Movie: The Babadook
Writer-director Jennifer Kent has Amelia (Essie Davis) arrive for her parent-teacher conference in her nurse uniform, and she’s a teetering wreck. It’s nearly her son Samuel’s (an other-worldly Noah Wiseman) birthday, but that may be just a ticking bomb since his aunt has already explained why her daughter doesn’t want to be anywhere near Samuel. “He won’t talk about monsters,” she explains in regards to her frazzled appearance, before Samuel begins cackling loudly and says, “My Dad died before I was born.”
You would not necessarily expect any Adelaide-blooded straight-to-DVD horror flick to spend much time on character development, what with the likes of the recent state of hand-held horror schlock. You might, however, expect such a singular, cross-culturally influenced filmmaker like Kent (Babe: Pig in the City) to come up with the characters at the center of this year’s first full-length and instant cult-horror-classic, Babadook: a suit-wearing, Seuss-like children’s scribble who creeps down suburban streets, its thin black chops knocking on the doors of whomever without reason. It just can.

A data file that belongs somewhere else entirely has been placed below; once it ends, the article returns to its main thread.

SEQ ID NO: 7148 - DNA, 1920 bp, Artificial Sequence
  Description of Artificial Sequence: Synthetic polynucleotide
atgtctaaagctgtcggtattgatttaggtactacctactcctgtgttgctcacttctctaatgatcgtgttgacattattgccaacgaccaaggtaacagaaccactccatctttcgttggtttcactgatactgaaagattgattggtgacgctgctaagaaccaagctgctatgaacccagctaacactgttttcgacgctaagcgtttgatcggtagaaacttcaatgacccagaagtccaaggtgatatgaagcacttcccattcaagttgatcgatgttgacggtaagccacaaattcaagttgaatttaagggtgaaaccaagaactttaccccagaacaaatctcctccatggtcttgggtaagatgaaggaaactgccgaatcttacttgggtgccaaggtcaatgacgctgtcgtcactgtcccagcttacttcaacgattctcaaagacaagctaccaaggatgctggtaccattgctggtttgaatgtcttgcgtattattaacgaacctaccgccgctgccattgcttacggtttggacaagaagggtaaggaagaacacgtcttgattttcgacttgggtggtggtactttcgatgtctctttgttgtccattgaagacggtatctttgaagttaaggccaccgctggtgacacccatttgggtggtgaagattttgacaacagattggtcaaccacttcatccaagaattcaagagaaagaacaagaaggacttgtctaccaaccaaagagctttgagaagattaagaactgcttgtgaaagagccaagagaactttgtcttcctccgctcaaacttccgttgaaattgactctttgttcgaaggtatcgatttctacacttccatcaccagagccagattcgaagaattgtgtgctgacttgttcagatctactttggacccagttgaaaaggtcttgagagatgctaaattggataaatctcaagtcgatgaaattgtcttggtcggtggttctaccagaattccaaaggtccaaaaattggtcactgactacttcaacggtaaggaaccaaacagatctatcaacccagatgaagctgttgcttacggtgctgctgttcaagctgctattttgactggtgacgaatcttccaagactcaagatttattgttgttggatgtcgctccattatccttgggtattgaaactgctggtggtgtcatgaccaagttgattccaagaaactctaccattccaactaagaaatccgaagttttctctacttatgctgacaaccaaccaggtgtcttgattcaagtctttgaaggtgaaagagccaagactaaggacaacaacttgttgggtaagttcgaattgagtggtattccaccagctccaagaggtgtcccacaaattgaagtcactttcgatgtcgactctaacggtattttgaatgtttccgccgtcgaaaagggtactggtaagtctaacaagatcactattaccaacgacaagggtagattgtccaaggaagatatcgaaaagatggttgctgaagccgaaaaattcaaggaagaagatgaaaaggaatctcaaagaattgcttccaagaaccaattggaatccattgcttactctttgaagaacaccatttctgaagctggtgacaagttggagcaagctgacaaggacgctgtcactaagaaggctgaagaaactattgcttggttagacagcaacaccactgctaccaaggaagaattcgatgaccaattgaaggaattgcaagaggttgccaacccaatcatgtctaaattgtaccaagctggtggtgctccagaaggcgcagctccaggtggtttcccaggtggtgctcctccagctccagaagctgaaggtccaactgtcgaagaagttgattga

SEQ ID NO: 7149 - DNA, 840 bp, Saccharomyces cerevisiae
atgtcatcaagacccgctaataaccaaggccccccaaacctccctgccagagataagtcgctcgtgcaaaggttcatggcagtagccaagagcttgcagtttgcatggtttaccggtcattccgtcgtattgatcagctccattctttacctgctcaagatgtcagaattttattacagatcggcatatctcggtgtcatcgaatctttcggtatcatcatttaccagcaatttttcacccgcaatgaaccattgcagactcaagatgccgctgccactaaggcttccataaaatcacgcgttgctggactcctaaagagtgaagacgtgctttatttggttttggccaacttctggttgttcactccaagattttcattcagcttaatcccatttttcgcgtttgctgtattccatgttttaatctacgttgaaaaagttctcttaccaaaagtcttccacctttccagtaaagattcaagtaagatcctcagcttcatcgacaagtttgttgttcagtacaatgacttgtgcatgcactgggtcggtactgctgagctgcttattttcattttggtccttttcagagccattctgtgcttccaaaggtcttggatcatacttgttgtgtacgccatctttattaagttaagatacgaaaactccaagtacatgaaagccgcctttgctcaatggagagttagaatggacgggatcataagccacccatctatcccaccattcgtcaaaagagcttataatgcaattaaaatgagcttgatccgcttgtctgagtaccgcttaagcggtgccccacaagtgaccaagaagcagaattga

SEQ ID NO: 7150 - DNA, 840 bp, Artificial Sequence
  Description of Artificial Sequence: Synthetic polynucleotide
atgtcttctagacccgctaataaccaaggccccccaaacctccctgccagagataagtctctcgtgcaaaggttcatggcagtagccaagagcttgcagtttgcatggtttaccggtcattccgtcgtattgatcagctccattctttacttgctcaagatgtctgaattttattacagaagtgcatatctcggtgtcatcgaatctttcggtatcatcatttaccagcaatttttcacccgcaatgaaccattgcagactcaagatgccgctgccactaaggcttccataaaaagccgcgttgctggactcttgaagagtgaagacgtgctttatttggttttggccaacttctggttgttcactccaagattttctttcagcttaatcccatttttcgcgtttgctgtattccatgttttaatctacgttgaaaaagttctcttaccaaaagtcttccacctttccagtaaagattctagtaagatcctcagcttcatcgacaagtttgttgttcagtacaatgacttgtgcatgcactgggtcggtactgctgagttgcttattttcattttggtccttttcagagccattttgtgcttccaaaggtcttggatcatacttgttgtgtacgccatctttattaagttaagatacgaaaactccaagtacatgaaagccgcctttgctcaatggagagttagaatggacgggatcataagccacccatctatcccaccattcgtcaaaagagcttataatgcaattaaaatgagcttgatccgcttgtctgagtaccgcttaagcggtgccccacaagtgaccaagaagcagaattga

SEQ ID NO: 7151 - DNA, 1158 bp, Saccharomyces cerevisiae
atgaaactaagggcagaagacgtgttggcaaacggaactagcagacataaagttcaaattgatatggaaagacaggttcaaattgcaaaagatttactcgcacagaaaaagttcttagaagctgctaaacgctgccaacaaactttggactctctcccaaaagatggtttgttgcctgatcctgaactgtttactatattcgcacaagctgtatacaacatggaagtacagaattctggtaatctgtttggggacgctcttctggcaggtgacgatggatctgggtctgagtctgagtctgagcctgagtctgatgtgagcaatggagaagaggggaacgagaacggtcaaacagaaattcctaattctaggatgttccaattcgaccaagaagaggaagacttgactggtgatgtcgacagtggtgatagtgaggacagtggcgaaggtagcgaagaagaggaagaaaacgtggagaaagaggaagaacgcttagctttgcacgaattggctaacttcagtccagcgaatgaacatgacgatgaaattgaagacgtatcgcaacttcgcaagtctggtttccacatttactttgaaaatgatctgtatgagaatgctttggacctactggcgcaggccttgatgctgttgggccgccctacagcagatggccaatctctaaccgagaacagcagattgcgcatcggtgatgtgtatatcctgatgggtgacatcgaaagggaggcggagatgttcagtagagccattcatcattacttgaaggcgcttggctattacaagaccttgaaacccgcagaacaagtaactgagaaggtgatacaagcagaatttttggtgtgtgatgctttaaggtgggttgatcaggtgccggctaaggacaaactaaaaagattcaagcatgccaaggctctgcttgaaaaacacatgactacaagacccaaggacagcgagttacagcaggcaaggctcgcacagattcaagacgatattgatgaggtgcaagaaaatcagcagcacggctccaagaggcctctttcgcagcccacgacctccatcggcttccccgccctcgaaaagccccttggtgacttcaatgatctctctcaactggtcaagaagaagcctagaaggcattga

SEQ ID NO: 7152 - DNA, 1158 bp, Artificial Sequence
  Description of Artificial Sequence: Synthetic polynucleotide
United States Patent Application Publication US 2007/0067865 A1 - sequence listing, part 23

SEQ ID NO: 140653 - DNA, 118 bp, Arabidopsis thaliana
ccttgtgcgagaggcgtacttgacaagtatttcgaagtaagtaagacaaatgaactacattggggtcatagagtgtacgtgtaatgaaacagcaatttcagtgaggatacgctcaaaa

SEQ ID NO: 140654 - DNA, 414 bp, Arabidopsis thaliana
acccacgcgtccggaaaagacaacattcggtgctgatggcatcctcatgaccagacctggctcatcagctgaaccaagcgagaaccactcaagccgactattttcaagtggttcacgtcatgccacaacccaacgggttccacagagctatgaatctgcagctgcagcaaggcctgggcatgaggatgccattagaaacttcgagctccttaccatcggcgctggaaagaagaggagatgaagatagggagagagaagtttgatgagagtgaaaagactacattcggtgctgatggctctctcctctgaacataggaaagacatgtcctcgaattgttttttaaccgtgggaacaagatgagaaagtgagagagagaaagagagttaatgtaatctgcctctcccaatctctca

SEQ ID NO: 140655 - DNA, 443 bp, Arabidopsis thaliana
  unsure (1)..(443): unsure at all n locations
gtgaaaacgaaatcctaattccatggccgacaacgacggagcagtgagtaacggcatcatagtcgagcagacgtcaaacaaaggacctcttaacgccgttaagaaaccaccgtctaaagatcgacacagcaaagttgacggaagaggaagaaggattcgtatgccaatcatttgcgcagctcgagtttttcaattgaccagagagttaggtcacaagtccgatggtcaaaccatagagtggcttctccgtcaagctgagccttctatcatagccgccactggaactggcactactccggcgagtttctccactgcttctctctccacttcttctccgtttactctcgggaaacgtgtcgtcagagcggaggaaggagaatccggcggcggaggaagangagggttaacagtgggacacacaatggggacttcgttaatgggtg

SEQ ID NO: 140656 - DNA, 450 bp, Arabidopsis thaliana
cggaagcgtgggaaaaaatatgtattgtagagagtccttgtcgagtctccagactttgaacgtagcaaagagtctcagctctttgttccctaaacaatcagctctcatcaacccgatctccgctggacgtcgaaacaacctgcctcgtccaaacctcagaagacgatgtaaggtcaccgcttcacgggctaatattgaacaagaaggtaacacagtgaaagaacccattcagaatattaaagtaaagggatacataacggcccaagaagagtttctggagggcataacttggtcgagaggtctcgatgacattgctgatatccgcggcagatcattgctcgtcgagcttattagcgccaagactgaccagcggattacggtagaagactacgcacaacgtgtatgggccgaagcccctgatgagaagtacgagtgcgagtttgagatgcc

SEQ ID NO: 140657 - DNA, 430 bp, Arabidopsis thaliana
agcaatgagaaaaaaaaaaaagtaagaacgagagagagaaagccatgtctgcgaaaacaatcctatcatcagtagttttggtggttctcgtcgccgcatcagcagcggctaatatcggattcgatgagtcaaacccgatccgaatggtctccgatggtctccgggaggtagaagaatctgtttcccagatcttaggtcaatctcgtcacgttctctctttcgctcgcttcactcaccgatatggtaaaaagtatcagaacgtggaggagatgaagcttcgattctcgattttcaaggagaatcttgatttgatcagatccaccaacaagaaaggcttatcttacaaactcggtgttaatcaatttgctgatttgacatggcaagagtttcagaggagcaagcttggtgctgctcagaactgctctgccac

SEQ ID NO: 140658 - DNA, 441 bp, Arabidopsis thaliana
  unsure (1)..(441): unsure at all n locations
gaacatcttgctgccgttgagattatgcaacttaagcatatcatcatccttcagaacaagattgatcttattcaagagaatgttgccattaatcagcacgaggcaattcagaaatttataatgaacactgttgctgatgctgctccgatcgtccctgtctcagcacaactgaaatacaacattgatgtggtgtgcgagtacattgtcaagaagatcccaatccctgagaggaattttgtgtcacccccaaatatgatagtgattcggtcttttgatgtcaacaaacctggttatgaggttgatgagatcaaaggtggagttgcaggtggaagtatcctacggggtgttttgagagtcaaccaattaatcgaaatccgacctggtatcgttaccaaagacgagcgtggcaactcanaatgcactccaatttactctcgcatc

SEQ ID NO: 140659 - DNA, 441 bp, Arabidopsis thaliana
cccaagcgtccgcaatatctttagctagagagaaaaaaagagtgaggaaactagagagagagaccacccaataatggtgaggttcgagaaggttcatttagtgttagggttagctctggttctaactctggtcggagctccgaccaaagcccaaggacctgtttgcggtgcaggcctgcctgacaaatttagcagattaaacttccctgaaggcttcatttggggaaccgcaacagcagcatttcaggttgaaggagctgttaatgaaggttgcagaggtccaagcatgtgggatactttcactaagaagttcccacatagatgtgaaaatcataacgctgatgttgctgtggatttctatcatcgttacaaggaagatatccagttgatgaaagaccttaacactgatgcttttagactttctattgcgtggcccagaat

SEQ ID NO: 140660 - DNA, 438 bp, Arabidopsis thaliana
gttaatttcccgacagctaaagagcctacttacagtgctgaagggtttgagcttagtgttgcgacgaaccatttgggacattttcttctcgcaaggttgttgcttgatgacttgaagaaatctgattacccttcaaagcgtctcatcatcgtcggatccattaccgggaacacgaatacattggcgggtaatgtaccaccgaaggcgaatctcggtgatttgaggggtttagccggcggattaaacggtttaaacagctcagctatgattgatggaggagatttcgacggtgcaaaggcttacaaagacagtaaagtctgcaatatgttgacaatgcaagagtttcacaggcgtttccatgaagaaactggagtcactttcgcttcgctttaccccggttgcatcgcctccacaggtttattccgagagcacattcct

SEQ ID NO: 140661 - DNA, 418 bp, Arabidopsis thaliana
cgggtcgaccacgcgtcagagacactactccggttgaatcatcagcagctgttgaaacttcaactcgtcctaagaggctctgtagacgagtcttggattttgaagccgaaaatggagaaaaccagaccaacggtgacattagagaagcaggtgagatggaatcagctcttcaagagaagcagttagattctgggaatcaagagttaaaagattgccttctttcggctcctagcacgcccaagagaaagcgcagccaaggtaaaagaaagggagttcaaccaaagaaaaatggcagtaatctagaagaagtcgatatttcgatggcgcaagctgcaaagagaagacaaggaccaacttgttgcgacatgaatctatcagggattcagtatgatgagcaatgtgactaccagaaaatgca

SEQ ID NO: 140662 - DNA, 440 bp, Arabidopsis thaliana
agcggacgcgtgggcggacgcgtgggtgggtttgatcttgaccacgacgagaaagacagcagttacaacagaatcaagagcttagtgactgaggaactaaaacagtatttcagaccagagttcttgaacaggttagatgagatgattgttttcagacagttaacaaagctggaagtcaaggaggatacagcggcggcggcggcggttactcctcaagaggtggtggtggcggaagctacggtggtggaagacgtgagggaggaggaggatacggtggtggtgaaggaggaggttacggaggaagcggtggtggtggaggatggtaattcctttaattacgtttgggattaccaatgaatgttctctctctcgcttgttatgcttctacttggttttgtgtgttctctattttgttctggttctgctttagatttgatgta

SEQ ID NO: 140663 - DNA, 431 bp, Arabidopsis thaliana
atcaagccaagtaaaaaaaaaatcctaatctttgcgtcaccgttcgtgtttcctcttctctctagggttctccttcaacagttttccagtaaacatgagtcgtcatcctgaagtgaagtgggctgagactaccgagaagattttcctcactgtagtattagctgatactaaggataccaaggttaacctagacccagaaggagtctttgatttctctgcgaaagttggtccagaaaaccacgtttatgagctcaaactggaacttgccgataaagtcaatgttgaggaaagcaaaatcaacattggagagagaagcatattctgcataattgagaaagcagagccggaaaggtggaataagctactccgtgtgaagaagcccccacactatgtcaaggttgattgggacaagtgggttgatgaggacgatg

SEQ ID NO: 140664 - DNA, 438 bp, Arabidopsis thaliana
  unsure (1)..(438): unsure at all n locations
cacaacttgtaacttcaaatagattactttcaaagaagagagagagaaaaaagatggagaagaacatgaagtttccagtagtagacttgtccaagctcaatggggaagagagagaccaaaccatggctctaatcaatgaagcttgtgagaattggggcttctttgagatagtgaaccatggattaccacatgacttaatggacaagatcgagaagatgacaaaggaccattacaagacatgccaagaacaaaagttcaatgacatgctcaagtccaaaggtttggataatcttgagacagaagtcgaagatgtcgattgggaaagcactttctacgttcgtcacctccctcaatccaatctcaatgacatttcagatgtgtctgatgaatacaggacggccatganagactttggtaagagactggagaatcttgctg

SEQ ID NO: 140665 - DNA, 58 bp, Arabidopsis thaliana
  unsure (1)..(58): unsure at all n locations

“I’ll kill it,” Samuel claims. “Why didn’t you die instead of him?” responds his mother. And according to the Babadook, which will have your head spinning three times as fast as Interstellar, a much lesser film, if it’s in a word, or if it’s in a book you can’t get rid of…we don’t want to say it again- just in case… and, well, that’s just badass.